What Happened?

What Happened?

By: Tim Valentine

Have you ever been walking down the street and had a homeless person ask you for some money and you acted like you didn’t hear them?

Have you ever been in your car and sitting at a light and rolled your windows up?

Have you ever given someone who was homeless money and privately questioned what they’re going to do with the little bit of money you gave them?

How often have you seen someone homeless and in addition to offering them some money you also gave them a compliment or a kind word?

Anyone can be the face of homelessness. The difference between you and that person living on the street is the circumstances of your story.

The question we choose not to ask someone who is homeless is What Happened?

Often it is because many choose not to care or ask or show any concern. We’re just happy that it isn’t us, right?

We spend so much time fighting to be seen more than we do concerning ourselves who just seek acknowledgment. Dare they question your sincerity, who are they to you, but an annoyance. This is the attitude many people implicitly accept when confronted with the ugliness of homelessness. We mistakenly transpose the ugliness of the situation onto the beauty of the individual captured within that situation.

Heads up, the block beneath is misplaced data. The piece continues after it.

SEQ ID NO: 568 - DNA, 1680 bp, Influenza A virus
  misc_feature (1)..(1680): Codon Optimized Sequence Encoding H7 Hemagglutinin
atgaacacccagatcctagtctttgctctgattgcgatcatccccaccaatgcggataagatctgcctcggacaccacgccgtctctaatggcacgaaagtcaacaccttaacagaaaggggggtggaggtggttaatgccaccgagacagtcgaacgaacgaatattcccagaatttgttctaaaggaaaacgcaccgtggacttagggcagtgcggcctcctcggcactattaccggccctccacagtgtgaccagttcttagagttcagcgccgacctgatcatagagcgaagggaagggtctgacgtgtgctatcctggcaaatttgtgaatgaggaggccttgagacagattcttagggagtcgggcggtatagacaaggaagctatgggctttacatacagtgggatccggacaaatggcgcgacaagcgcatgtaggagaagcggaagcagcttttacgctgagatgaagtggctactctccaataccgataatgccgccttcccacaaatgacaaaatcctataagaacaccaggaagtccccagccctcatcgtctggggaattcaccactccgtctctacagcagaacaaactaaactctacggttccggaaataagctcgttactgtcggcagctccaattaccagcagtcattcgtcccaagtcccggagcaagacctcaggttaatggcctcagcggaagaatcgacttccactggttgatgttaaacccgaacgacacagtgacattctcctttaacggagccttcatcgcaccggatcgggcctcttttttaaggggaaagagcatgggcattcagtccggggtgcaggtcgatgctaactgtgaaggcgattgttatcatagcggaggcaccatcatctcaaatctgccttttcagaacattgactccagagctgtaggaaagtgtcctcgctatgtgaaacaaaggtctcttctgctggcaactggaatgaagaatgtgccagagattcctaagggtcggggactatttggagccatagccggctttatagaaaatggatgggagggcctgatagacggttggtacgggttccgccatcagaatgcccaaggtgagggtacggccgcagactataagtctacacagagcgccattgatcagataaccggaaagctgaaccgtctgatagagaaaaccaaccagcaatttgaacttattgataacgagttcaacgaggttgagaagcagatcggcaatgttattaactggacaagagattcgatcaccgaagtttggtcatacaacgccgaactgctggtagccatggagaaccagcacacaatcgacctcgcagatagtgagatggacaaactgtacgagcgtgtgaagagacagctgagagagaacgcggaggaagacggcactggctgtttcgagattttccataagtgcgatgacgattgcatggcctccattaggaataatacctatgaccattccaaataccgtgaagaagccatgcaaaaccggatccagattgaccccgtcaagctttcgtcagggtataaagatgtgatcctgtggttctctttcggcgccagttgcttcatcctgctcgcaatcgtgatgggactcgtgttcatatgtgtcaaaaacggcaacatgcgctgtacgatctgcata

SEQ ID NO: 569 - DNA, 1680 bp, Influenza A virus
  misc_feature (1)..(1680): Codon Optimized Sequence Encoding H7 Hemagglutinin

Who is concerned enough to ask, what happened?

Some simply just don’t care. They’ll tell them to get a job, but never stop to think what address they will put on the application so the employer can send them their check, then what about taxes. If you have a job you’re required to pay your taxes. Where will the employer send their W2? Get a job is another way of saying, I’m not helping you, not go away. If you’re not able to offer them a job, then don’t say “Get a job.” Think, if they had a job, would they be homeless?

Have enough consideration to not step over, around or away from someone homeless, but help them up. Help them up with an encouraging word that means something to them. You can’t say, “hand in there” and expect that to go over well with them, when life has its boot on their neck.

If you have the time, ask them how can you help them?

If you have no money, food or shelter to offer, you can always listen. Sometimes a sincere handshake, tender smile or concerned word last longer than any amount of money, clothing or food you have to give.

I say this from the heart. I’ve been very fortunate to have never experience homelessness. But all it takes is a change in circumstances and I may be the one you step over and ignore.

Consider what can happened.


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